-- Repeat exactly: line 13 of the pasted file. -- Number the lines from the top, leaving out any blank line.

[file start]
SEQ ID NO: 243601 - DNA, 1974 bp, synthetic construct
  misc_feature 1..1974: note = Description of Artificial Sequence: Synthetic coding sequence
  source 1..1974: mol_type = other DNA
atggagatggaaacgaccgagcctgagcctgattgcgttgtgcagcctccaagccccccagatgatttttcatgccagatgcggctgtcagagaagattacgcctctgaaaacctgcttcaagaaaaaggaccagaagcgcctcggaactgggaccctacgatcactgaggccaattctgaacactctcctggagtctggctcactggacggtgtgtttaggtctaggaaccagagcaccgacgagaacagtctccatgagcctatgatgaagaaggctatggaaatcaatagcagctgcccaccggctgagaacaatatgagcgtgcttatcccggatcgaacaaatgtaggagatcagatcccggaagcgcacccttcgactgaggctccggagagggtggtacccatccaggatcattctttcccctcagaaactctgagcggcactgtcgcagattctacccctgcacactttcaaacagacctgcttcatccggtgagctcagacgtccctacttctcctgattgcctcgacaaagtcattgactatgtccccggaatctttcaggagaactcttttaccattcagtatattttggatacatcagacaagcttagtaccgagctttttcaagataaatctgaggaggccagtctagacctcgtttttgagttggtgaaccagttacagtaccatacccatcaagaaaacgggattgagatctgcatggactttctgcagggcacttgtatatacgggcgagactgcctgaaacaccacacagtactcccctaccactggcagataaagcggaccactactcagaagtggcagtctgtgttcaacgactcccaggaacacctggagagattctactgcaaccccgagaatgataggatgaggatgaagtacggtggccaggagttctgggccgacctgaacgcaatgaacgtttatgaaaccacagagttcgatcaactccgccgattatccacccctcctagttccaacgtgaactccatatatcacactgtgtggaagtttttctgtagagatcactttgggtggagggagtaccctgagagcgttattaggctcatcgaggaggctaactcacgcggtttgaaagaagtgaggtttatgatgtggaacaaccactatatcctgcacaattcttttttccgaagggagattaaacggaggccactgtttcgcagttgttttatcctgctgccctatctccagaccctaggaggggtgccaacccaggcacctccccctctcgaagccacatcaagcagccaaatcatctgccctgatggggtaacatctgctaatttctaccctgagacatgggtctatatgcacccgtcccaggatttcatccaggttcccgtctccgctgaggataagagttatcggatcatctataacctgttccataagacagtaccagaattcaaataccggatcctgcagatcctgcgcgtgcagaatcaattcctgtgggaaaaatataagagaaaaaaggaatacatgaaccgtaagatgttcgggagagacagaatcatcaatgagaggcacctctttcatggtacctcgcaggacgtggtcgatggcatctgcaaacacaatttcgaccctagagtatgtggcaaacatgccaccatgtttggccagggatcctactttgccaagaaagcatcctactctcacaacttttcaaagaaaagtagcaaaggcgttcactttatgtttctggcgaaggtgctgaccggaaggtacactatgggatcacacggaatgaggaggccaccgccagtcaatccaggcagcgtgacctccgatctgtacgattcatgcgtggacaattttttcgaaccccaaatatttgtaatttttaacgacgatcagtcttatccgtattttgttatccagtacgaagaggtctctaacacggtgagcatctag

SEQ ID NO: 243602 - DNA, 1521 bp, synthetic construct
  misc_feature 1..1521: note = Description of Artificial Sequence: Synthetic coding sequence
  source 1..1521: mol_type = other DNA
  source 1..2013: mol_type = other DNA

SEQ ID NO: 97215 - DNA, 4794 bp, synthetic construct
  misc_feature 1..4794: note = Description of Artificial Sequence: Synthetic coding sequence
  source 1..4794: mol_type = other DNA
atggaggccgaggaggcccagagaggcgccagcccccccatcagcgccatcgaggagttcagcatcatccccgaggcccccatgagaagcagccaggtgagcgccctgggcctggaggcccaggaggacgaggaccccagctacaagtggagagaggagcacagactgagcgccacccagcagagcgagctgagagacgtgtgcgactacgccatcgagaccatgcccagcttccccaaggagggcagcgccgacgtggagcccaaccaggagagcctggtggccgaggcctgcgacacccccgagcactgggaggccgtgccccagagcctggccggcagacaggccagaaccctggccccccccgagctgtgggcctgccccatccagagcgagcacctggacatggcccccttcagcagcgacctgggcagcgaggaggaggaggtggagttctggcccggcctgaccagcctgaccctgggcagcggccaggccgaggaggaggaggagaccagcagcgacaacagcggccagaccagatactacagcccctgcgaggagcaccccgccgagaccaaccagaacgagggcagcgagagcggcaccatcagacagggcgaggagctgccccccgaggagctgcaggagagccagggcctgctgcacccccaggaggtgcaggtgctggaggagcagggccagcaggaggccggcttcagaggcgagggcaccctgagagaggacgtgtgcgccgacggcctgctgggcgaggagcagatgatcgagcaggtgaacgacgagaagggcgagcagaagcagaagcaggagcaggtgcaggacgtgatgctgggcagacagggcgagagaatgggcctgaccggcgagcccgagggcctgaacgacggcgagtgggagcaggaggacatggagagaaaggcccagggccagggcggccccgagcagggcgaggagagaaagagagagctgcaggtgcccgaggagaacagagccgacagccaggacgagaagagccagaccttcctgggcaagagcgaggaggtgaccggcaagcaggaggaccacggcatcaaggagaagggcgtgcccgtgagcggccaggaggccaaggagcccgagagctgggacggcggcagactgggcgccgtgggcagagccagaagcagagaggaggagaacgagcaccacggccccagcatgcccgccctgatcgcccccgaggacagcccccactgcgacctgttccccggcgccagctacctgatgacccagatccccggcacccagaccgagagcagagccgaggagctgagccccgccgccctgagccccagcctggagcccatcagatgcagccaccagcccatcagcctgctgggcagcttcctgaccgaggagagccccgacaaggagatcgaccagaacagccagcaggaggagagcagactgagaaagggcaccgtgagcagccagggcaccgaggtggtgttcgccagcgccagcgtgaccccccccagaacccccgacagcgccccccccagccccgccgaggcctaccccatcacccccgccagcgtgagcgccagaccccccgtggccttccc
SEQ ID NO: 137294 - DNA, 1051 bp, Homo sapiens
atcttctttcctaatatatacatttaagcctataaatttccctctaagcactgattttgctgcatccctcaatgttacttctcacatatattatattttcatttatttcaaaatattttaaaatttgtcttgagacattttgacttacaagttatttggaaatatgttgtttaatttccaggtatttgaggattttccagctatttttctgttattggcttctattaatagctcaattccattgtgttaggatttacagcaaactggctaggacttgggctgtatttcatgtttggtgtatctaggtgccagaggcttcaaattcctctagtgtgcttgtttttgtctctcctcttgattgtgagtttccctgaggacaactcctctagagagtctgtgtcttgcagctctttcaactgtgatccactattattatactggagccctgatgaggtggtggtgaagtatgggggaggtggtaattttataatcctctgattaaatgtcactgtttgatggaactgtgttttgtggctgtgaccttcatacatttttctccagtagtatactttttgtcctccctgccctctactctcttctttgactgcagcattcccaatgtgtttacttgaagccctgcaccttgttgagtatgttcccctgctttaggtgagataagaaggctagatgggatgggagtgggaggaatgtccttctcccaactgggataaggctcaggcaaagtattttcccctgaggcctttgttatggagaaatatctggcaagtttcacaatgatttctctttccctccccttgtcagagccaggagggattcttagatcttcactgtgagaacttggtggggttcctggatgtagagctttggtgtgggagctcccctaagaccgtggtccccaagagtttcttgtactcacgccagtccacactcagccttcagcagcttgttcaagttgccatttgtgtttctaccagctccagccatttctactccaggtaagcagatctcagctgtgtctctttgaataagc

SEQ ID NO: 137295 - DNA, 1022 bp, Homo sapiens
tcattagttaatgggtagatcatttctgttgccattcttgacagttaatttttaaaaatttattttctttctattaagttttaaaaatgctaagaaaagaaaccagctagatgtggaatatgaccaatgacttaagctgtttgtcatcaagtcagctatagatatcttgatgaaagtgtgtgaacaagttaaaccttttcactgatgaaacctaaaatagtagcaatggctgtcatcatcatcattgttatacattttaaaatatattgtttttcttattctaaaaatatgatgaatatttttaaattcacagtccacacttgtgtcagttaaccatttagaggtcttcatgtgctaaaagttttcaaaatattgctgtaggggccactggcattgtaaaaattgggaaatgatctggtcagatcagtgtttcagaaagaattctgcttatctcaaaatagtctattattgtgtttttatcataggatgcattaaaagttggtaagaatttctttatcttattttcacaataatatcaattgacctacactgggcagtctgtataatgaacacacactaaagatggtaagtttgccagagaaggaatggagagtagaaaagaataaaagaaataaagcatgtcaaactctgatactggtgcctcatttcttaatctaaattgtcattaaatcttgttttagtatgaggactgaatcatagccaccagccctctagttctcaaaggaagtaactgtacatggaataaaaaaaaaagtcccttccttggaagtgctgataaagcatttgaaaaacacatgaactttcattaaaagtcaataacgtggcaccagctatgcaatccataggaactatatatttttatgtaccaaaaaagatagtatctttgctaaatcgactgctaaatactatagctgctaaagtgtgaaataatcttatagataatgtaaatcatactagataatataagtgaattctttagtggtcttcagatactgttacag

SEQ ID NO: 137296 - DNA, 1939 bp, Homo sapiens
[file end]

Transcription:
SEQ ID NO: 137294 - DNA, 1051 bp, Homo sapiens